When it comes to critical analysis of entertainment and pop culture, the media industry has a way of over-saturating coverage with op-eds and opinion pieces all fighting to claim to be the singular voice and opinion of a particular issue. Sometimes things are clearly black and white, but oftentimes there’s a lot more nuance to be parsed. It happens with everything, but I noticed this was especially the case with Hellblade: Senua’s Sacrifice, which heavily dealt with mental illness in its story. In the game based on Norse mythology, a young woman warrior named Senua delves into Viking Hell to save her beloved, made up of psychotic nightmares and demons from her own mind.
The fight for clicks and the desire to be the one person ahead of the herd leads to cycles of backlash. A take is put out, a counter-take is pit against it, a redux of the original take evolves, and so on. Hellblade opened to largely positive comments about how it captures Senua’s mental illness but some recent takes are more critical. That’s expected– it’s fine and it’s normal. The thing about this larger discussion though is that it happens so quickly for internet traffic that individual writers often clamp down on one element of any work and argue themselves into a corner. Sometimes people need more time to absorb something and round out their opinion.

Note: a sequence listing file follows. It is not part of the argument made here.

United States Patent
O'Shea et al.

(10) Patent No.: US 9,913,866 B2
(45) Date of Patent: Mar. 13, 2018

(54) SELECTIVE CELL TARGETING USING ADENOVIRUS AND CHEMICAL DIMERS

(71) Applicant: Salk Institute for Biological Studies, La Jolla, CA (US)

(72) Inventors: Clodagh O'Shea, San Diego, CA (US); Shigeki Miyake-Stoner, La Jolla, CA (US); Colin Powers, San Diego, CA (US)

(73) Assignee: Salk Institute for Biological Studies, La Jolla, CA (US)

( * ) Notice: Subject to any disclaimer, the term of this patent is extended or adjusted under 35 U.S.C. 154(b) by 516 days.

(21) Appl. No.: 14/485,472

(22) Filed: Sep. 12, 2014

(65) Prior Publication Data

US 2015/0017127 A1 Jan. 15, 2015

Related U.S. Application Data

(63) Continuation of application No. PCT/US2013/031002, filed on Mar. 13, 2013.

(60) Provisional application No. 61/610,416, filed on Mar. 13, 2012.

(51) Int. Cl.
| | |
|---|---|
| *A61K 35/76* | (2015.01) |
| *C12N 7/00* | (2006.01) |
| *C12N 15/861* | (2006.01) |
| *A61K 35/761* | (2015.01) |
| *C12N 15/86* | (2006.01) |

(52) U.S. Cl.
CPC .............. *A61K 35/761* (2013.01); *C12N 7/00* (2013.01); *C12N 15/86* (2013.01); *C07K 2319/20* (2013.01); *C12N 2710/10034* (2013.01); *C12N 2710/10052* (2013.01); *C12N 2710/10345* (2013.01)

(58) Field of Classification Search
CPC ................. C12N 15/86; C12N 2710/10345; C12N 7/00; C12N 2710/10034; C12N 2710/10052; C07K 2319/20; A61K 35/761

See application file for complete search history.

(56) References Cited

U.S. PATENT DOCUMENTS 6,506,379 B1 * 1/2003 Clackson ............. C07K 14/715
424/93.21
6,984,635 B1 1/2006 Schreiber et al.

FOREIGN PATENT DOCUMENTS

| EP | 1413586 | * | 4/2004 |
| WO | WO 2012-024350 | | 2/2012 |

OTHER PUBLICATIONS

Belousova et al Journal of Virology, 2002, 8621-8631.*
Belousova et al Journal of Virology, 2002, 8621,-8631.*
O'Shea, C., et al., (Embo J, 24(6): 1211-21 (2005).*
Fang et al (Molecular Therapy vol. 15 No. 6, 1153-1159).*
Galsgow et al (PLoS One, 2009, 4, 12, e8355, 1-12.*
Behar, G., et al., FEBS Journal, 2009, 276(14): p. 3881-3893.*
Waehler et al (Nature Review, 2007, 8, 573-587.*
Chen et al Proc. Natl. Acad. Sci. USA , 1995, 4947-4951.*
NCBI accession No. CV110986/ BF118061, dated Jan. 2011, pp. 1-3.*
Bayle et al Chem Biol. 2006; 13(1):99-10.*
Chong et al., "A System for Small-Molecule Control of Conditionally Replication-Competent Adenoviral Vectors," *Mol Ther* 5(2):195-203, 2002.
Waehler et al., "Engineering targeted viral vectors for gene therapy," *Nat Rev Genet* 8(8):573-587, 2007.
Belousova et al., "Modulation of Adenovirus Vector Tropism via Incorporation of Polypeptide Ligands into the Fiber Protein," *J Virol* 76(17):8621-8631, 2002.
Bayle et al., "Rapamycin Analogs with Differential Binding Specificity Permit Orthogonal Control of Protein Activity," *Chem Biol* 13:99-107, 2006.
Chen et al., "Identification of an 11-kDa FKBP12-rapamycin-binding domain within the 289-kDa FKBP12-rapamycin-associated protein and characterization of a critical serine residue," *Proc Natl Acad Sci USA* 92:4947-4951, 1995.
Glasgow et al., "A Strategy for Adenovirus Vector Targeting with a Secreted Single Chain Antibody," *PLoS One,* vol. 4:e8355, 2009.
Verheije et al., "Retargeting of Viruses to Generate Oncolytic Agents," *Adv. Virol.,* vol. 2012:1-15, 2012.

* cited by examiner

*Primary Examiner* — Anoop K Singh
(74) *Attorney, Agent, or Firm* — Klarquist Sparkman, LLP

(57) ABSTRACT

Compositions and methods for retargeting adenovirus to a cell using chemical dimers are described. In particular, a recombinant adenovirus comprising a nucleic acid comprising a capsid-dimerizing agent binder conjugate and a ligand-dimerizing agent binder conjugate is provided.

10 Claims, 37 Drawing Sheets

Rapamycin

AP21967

Personally I think Hellblade did a great job handling the issue. It might not be be perfect, and certainly merits conversation, but not every story about mental illness is going to contain all the same experiences of our own lives, and that’s fine. That’s why we need more stories more studios reaching out to experts, and more disabled and other marginalized writers being given opportunities.
I feel like all of this is captured in this galaxy brain meme I made. As silly as that sounds, the format has a way of incapsulating every cycle of thought I just described.